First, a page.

The Self Serve Trend in Small Businesses

The more we can do for ourselves as small business owners, the more empowered we feel. We are in charge. Like we can whip the world.

That was my point in an interview I gave recently. Journalist Leah Betancourt wrote about it for, in a small business trends segment:

Campbell said she’s seeing a lot of do-it-yourself small businesses and self-serve business owners, especially with sole proprietors and businesses with less than five employees. She said the Internet has a lot to do with it.

She said owners could use online advertising campaigns with tools such as Google AdWords without having to hire an agency. She also mentioned small business accounting software packages such as QuickBooks in which entrepreneurs don’t have buy expensive accounting systems.

To some degree do-it-yourself has always been the hallmark of small businesses, especially for startups. In the early years, revenues are lean. Employees are scarce. You may have little choice but to do something yourself, or it doesn’t get done.

But the kind of self-serve that I speak of is more than just a matter of economics — it is an attitudinal shift. In fact, our entire society is making this shift. We are conditioned to use ATM machines more frequently, and human tellers less. The way we buy cars is different today — we educate ourselves online about the product before we ever set foot in a dealership. We make travel arrangements online, without ever interacting with another human being. We sign up for, renew or cancel services by using touch-tone phones and bots that do speech recognition.

Small business owners and managers are going through a similar shift. Technology — in particular the Internet — makes it possible for us to do more for our businesses.

But the really interesting thing is that services have not gone away. They have just changed. While we small businesses may use accounting software to keep our books, the majority of us still have accountants. But instead of our accountants being number-crunchers, they give us advice, help us do tax planning, and other value-add activities. In other words, when we use outside services, we may be using them for higher level purposes, precisely because we have the tools that let us automate routine tasks and do them ourselves.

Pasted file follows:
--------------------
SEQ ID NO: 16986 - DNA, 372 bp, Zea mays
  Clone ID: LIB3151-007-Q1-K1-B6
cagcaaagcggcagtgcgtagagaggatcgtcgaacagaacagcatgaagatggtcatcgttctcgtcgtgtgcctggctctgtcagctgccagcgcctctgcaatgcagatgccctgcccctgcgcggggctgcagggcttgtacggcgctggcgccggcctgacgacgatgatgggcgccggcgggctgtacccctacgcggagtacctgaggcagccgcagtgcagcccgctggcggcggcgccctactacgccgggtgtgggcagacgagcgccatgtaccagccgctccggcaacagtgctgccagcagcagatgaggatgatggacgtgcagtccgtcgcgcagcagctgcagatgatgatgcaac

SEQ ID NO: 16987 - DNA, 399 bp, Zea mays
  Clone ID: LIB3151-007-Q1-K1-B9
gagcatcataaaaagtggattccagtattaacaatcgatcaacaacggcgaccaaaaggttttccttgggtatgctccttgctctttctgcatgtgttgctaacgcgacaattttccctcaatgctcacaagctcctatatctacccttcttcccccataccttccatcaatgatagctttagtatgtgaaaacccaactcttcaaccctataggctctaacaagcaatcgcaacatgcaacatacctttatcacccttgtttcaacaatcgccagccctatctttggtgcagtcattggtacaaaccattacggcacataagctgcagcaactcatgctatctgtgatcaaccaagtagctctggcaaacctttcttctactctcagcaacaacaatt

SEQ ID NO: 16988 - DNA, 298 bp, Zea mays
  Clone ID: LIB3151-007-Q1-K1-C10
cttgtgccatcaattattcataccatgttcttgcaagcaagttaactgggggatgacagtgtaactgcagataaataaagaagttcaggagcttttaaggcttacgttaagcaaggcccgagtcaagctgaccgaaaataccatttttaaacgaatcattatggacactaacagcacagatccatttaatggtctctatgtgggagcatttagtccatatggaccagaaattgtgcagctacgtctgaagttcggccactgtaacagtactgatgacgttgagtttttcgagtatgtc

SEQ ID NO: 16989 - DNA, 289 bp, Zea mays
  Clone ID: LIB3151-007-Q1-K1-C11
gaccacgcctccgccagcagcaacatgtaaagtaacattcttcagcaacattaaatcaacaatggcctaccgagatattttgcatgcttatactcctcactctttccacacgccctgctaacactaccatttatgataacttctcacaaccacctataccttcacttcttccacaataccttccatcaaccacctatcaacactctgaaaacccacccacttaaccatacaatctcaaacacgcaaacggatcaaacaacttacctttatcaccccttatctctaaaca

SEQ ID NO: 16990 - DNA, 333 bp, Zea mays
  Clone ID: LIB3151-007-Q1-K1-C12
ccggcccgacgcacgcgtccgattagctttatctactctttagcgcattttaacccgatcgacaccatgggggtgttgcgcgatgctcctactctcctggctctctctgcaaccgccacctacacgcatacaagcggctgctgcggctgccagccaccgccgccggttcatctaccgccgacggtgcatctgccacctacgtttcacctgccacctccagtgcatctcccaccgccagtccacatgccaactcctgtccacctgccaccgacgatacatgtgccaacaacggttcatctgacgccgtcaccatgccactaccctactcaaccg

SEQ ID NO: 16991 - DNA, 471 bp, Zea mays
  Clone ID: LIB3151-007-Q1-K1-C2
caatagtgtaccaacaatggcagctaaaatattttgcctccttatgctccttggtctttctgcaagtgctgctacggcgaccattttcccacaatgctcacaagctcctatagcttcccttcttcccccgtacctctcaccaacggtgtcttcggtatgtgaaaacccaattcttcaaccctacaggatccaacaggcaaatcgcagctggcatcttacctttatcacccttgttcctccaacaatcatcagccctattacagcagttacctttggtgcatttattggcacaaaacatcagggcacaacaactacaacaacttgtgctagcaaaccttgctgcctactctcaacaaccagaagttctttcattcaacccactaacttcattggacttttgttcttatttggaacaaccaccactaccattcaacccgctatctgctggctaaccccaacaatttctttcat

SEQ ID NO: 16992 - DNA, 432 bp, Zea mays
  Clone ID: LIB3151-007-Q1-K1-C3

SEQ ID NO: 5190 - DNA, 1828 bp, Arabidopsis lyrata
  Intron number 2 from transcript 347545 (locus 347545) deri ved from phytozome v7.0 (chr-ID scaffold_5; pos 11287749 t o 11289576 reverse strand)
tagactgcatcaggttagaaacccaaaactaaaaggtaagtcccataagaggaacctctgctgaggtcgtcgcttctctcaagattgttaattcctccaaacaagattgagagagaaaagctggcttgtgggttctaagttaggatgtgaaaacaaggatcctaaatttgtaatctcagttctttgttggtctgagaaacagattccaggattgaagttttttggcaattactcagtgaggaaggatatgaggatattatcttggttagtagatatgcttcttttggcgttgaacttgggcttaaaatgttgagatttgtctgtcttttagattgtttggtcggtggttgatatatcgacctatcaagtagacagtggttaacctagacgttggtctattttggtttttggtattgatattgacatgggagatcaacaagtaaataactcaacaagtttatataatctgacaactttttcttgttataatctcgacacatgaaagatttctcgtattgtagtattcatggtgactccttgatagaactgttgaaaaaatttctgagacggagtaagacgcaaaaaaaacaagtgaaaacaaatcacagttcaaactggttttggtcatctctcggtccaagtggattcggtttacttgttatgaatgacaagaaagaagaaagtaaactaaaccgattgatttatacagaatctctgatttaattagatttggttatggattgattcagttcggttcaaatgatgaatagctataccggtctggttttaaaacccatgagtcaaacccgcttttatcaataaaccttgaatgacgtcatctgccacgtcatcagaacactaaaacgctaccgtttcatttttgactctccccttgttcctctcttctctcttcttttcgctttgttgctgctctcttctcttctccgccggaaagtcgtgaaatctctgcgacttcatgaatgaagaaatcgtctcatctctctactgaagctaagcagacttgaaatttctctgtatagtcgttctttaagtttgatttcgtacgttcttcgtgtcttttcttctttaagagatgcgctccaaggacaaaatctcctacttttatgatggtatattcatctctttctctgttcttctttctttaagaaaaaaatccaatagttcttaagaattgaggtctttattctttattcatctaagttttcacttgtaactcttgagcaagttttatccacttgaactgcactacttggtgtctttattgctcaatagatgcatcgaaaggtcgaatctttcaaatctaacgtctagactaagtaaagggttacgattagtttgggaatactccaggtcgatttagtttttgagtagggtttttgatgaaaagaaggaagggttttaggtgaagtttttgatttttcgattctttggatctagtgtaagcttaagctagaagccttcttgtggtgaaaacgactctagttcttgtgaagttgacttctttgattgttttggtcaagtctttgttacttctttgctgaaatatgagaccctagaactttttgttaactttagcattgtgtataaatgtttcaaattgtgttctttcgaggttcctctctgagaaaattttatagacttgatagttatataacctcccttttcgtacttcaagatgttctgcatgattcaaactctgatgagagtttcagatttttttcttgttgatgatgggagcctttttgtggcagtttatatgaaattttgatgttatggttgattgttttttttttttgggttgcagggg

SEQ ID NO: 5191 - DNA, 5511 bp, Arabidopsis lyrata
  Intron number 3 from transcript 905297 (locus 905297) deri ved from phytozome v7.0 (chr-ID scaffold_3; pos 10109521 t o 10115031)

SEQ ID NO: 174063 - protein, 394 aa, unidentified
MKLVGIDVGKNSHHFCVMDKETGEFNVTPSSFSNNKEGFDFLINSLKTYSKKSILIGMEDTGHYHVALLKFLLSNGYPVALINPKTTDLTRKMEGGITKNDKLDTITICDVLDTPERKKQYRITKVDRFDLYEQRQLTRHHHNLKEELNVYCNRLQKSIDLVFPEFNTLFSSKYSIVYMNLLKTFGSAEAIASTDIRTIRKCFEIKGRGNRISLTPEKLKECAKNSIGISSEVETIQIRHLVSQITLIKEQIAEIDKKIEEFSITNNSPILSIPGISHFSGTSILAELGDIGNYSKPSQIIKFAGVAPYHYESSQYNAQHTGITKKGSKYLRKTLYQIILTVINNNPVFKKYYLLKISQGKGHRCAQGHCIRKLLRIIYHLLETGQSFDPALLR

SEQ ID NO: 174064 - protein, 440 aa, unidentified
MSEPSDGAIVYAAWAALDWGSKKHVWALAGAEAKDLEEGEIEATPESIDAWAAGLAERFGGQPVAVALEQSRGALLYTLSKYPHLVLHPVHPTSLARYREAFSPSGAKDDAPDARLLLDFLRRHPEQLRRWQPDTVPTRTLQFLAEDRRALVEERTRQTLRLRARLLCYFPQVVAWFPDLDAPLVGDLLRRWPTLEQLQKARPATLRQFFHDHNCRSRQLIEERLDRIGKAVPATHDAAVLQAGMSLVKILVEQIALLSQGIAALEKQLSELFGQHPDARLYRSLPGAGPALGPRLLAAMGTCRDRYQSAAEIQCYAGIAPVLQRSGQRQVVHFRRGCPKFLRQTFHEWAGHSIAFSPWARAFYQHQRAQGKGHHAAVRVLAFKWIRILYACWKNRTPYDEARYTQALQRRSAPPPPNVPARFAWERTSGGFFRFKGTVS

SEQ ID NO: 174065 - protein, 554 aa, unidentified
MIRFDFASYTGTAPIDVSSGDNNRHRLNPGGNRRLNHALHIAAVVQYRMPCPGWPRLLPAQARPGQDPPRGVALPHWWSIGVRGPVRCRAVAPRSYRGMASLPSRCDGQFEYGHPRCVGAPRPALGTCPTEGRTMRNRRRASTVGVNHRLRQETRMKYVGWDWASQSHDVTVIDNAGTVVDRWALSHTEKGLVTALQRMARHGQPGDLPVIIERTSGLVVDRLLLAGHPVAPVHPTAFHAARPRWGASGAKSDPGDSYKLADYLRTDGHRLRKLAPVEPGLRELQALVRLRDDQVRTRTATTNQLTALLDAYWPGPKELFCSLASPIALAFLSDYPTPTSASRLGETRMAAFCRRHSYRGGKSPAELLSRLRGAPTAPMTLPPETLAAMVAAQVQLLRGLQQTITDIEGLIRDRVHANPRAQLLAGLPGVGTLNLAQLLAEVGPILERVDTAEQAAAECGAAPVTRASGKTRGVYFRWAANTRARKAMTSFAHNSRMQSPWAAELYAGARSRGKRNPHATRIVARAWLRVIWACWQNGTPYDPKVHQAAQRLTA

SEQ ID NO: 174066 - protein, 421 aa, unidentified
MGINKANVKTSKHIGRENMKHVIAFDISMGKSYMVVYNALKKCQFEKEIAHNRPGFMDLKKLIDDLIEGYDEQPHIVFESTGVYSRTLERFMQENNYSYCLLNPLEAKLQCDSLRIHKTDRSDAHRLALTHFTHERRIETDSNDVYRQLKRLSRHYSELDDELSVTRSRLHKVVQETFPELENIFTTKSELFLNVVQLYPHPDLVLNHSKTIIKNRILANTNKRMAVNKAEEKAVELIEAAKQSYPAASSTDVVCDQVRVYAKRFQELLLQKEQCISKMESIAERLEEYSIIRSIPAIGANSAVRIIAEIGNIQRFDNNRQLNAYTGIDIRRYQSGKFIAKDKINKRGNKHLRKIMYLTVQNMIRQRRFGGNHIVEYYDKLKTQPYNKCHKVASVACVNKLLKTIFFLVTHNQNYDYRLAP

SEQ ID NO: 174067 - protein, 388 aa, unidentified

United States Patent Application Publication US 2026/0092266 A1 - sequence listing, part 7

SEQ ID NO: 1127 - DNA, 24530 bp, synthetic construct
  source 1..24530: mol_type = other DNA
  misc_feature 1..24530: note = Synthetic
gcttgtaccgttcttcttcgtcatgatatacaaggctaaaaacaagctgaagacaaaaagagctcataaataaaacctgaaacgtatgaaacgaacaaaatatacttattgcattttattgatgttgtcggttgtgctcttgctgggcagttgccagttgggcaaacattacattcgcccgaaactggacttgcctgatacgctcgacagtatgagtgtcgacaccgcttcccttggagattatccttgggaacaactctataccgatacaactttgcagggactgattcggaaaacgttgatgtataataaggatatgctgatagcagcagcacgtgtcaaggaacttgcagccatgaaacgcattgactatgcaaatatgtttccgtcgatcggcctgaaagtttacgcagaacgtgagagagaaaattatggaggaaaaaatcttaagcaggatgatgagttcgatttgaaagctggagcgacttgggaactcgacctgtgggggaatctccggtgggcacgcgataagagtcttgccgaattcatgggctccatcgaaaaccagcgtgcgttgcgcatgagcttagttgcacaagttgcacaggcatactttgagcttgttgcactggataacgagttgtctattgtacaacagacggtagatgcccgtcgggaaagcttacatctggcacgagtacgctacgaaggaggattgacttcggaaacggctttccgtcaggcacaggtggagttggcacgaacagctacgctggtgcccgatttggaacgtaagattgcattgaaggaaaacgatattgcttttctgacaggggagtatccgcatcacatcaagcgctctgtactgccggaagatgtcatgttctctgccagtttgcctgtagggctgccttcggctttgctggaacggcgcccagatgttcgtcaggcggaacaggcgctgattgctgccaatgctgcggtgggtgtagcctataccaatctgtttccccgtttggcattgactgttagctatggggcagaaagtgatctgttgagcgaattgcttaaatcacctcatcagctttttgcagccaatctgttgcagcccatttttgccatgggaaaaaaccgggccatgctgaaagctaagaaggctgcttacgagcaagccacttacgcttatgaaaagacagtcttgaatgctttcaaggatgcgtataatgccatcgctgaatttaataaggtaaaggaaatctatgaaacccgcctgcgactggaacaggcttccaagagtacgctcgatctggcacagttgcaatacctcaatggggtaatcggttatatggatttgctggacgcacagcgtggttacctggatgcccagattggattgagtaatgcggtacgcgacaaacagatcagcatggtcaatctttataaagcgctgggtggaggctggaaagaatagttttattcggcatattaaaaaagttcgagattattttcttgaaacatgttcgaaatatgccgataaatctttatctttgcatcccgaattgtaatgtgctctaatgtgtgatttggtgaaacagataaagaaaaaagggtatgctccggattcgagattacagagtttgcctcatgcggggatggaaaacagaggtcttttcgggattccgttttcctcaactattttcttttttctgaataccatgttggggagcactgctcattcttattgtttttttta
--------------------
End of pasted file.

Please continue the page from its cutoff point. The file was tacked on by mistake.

Anita Campbell Anita Campbell is the Founder, CEO and Publisher of Small Business Trends and has been following trends in small businesses since 2003. She is the owner of BizSugar, a social media site for small businesses.

5 Reactions
  1. we are all about self-servce at and
    … where users help other users

  2. I agree with your points.

    I’d also add that the flip-side of the phenomenon is interesting too. When selling to small business owners, we need to remember that automation of routine things is becoming increasingly common and we have to enhance our offerings as well.

  3. Great post, Anita. I think there used to be a time when small business owners, particularly home-based businesses, had no choice but to be self sufficient. The irony is that now that the cost of having outside help has gone down, it’s actually easier to do for ourselves, and most of us prefer to.

    Your example of an accountant is spot on. Most of the folks I work with do their own books with either desktop software or online billing systems. Then they hire accountants more as advisors or tax specialists to give advice and guidance regarding more complex matters.

  4. As part of Generation Y, I see the mentioned traits quite prevalent in today’s internet youth. The internet and telecommunication advances have revolutionized the way we conduct business and personal life. If I want an antique clock, I go get it NOW on ebay. If I want to speak to a friend, I call him NOW on his cell phone . . . and probably don’t leave a message because that’s not NOW.
    Our advances are empowering individuals to communicate and work together more efficiently (although we have less spare time for leisure). Like Thomas Friedman said in his bestseller “The World is Flat”, web 2.0 is bringing a user driven internet, and thereby society, right to our doorstep.
    For that reason, I’m creating a website at that gives users the power to communicate ideas for inventions, services, patents and cooperate. I want to do to traditional invention/patenting processes what wikipedia did to the encyclopedia, what craigslist did to greensheet, and what facebook did to yearbooks. I also have my own blog on the entrepreneurial experience at to educate and encourage others to venture out on their own.